Egg Glaze: In each of three bowls mix 1 egg yolk, 1 teaspoon water and about 1/2 teaspoon food coloring, red yellow and green. Put egg whites in a fourth bowl as a transfer medium for candies, which go in a fifth bowl. Inexpensive watercolor brushes are best for painting.

Ann says, “Make two batches, or you won’t have enough!”

Holiday cooking begins!


Thanksgiving is just a few days away, and this evening we began the preparations by making one of my favorite family recipes, Cranberry Relish. Actually, the title of this post is misleading, as it requires no actual cooking, just fine chopping in a food processor. Unlike cooked cranberry sauce or jelly, our recipe retains all the tart, fresh flavor of the cranberries, blended with fresh orange, apple, cinnamon, cloves and sugar. The recipe, which I posted last year is HERE. And now is the time to make it, the flavor improves after a few days in the refrigerator. If you’ve never tried it, you’re missing out on the best complement to a holiday feast!

German Potato Salad


Ellen has her Italian family recipes, and I have some German ones from my family as well. In fact I put together a collection of them years ago that everyone in the family uses from time to time. Unfortunately, quite a few of the dinner recipes involve meat, so I don’t make them anymore, but we have adapted a few. Here’s a recipe from my grandmother, Harriet Klein (born over 100 years ago in Germany, now passed on) exactly as she gave it to me. Then I’ll describe the way I’ve modified it for our vegetarian household.


2 pounds small red-skinned or white potatoes
1/2 teaspoon salt
1/4 cup vegetable oil
1/2 of a small onion, minced very fine
1/4 cup vinegar
1 teaspoon sugar
3 slices bacon, well fried and crumbled
2 teaspoons bacon fat

Boil potatoes for 20 minutes, or until just starting to soften, but not mushy. A knife should be able to pierce the center without effort. Peel while warm and slice into a large bowl. Add salt and oil and mix gently. Add onion, vinegar and sugar, mix well. Add bacon and bacon fat and mix. Can be served hot or cold.

Okay, here’s how I’ve modified it. First, I’ve been using small yellow potatoes, the Oregon Gold variety, that come in fingerling or new potato size. I cut these in half before boiling, and they’re ready in about 10 minutes. I cut each half in half again, and they’re small enough. I don’t remove the skin, which is thin and tastes good.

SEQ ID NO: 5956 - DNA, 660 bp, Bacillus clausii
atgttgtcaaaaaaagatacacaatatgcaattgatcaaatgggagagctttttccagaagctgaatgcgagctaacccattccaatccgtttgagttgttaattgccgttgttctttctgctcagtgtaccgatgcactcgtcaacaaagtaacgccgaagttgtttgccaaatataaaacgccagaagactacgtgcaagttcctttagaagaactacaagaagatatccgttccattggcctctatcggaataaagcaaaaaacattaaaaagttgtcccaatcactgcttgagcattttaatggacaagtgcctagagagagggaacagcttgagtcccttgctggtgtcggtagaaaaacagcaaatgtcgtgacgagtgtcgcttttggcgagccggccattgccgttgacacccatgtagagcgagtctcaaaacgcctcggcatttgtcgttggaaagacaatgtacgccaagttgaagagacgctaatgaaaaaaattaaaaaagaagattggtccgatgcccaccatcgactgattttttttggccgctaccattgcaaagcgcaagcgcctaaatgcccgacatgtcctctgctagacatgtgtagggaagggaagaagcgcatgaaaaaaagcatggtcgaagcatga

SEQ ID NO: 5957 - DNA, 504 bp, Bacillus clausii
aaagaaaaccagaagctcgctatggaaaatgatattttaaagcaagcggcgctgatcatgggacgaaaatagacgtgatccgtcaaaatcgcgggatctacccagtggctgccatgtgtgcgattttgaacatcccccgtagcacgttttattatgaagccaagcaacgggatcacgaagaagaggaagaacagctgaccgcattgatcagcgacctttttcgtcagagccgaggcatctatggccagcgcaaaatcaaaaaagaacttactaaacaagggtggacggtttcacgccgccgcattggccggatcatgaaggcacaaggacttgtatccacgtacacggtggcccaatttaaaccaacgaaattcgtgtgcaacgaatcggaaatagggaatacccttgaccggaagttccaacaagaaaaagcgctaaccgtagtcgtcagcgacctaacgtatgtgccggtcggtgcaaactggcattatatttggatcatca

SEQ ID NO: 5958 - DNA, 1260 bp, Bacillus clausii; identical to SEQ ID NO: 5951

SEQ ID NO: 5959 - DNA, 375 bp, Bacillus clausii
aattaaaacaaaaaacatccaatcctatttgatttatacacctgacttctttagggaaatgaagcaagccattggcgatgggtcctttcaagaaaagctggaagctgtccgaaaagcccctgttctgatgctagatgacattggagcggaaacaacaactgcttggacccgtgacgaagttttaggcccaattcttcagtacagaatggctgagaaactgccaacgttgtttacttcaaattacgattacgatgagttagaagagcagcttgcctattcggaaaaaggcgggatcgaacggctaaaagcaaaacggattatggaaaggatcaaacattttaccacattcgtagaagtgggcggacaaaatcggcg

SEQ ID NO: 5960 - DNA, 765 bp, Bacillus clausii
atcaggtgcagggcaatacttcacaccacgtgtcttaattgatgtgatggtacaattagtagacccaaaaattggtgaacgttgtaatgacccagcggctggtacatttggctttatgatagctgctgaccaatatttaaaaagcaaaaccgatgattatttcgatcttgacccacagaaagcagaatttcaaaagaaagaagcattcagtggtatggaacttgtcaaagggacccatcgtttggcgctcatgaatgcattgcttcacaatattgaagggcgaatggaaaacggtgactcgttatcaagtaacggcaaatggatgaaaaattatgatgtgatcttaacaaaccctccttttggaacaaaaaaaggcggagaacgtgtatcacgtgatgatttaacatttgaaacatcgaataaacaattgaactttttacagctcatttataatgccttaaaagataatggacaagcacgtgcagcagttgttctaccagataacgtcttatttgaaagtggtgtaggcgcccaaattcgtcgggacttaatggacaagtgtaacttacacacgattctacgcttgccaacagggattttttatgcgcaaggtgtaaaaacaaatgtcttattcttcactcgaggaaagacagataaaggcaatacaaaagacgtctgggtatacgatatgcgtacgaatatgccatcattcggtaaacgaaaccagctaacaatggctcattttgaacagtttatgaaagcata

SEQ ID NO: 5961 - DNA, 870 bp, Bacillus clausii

Instead of vegetable oil I use olive oil. I leave out the bacon, of course (with regret), and add a little more vinegar and salt to compensate. It still tastes quite good, though not as good as with bacon. If you only know the kind of potato salad made with mayonnaise, this is a great alternative, and probably a little healthier (without the bacon).

Med’s Italian Zucchini


Ellen’s Italian Mom isn’t with us any longer, but one way she lives on in the family is through her recipes. Mary Rose, known affectionately as Med, gave us this one. I’m not a big fan of zucchini as a rule, but I like it this way.


2 medium onions, chopped
2 medium Italian green peppers, chopped
2 celery stalks sliced
2 cloves garlic, minced
2 medium zucchini, 1/2-inch slices, quartered
4 tablespoons olive oil

28-ounce can crushed tomatoes
2 tablespoons fresh basil, minced (or 1 tablespoon dried)
1 teaspoon salt, or to taste
1/2 teaspoon freshly ground pepper, or to taste


Heat olive oil in a large pot and saute onions, peppers and celery until they begin to soften, about 10 minutes. Add garlic and zucchini and saute a few more minutes.


Add remaining ingredients, cover, and simmer for about 15 minutes, until zucchini is tender. Adjust seasonings as needed.


Serve over rice or pasta. Can be topped with freshly grated Pecorino Romano cheese, or just more freshly ground pepper, as shown at the top. Makes 3 to 4 servings.